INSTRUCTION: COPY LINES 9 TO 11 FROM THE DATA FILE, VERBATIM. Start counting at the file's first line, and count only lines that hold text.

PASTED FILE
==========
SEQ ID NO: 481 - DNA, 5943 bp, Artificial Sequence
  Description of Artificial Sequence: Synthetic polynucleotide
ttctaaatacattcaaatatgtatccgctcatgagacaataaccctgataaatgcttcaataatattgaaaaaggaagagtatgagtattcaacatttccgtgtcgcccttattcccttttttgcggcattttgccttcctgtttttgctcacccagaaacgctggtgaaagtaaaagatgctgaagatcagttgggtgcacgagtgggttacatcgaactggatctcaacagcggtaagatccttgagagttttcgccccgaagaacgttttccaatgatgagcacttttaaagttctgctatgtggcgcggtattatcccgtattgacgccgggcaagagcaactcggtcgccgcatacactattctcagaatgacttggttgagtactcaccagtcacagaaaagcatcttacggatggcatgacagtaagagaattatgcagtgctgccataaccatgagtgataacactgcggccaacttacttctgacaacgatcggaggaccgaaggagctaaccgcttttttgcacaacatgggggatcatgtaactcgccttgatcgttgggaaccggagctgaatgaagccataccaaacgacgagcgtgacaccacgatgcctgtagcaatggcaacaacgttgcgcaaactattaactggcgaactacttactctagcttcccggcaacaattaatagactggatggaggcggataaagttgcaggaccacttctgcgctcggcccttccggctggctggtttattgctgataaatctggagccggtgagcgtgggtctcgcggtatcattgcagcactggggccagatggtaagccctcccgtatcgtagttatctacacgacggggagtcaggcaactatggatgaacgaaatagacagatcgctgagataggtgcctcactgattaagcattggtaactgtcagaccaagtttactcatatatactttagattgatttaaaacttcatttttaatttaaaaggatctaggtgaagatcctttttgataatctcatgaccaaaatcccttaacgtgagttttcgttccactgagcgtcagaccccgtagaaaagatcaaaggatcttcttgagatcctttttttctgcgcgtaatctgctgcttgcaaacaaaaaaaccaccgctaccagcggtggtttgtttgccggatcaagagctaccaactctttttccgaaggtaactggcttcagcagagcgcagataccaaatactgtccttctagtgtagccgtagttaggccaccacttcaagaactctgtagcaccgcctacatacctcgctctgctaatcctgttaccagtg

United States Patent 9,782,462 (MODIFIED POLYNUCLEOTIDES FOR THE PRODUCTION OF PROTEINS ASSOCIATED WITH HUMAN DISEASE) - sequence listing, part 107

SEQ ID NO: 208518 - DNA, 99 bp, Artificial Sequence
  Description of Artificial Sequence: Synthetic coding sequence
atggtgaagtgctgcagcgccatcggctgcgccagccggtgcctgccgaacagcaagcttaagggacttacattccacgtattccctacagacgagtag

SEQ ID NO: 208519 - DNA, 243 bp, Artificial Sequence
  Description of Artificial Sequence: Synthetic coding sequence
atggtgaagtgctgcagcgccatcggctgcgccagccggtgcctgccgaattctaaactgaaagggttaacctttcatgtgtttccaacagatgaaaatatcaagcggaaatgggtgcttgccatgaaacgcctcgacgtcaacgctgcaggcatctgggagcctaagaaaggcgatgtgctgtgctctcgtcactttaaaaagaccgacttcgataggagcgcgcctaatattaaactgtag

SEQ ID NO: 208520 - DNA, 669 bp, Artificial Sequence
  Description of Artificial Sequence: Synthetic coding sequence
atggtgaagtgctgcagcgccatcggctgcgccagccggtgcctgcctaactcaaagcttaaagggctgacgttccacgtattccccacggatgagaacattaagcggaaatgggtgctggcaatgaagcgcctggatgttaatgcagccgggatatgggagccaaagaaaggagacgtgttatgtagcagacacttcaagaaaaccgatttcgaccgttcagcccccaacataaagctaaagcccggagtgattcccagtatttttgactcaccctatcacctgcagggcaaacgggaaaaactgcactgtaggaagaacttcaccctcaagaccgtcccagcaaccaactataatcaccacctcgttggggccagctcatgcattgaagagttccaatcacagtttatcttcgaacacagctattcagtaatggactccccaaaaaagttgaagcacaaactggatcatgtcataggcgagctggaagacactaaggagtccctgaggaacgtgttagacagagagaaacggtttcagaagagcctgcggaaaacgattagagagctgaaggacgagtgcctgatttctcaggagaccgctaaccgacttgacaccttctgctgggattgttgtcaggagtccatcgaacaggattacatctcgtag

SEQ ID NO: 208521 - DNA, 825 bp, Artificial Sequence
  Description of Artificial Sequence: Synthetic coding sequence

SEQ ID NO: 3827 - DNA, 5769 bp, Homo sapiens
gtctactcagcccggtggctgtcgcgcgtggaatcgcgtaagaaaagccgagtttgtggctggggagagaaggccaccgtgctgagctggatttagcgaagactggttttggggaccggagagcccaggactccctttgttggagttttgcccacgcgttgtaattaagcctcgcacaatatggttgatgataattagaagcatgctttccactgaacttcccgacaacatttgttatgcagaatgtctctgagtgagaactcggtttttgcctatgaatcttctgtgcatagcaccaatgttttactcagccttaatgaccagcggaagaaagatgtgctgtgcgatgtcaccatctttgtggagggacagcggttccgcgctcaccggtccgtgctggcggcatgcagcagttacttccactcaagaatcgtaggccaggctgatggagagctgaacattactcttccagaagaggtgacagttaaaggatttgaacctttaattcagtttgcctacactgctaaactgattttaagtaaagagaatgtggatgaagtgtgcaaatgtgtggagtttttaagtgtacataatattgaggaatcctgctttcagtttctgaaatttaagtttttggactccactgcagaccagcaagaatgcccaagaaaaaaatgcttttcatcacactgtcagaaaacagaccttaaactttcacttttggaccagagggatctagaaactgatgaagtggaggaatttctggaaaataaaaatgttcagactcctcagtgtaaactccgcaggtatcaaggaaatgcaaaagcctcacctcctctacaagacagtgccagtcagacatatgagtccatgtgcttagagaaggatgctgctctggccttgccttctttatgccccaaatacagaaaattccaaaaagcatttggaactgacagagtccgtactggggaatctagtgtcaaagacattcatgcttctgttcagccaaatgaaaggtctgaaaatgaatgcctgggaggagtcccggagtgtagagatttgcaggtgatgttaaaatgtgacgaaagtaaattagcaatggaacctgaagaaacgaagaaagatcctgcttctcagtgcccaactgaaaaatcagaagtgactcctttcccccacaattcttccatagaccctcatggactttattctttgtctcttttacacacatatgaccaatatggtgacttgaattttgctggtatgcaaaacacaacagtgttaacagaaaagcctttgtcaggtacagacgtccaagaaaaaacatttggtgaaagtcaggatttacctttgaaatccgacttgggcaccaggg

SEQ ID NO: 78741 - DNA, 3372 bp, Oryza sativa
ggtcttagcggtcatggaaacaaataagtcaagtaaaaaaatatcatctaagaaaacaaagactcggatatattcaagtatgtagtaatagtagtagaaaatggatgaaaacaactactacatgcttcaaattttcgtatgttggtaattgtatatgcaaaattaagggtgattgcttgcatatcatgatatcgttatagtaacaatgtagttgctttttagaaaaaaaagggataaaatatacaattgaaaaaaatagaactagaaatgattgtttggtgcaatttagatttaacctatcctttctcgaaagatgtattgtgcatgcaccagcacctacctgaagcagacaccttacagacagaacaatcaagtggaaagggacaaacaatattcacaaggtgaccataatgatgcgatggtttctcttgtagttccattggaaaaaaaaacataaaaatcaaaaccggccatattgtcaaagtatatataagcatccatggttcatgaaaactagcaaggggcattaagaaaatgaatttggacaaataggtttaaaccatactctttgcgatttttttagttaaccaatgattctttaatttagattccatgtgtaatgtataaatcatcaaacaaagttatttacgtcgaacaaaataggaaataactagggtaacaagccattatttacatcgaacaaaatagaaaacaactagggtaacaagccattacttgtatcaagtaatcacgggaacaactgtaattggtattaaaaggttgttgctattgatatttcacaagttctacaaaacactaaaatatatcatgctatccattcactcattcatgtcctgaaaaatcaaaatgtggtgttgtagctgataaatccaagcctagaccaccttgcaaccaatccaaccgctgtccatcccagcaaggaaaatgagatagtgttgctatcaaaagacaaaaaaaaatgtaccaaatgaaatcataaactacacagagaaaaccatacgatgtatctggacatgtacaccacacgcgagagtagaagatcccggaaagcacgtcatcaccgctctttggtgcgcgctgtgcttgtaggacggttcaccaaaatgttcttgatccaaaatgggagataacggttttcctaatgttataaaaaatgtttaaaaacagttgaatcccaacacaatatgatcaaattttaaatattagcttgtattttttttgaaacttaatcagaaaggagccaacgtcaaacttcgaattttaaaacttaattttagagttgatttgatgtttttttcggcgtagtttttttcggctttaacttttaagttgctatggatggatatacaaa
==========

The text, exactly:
  Description of Artificial Sequence: Synthetic coding sequence
atggtgaagtgctgcagcgccatcggctgcgccagccggtgcctgccgaattctaaactgaaagggttaacctttcatgtgtttccaacagatgaaaatatcaagcggaaatgggtgcttgccatgaaacgcctcgacgtcaacgctgcaggcatctgggagcctaagaaaggcgatgtgctgtgctctcgtcactttaaaaagaccgacttcgataggagcgcgcctaatattaaactgtag

SEQ ID NO: 208520 - DNA, 669 bp, Artificial Sequence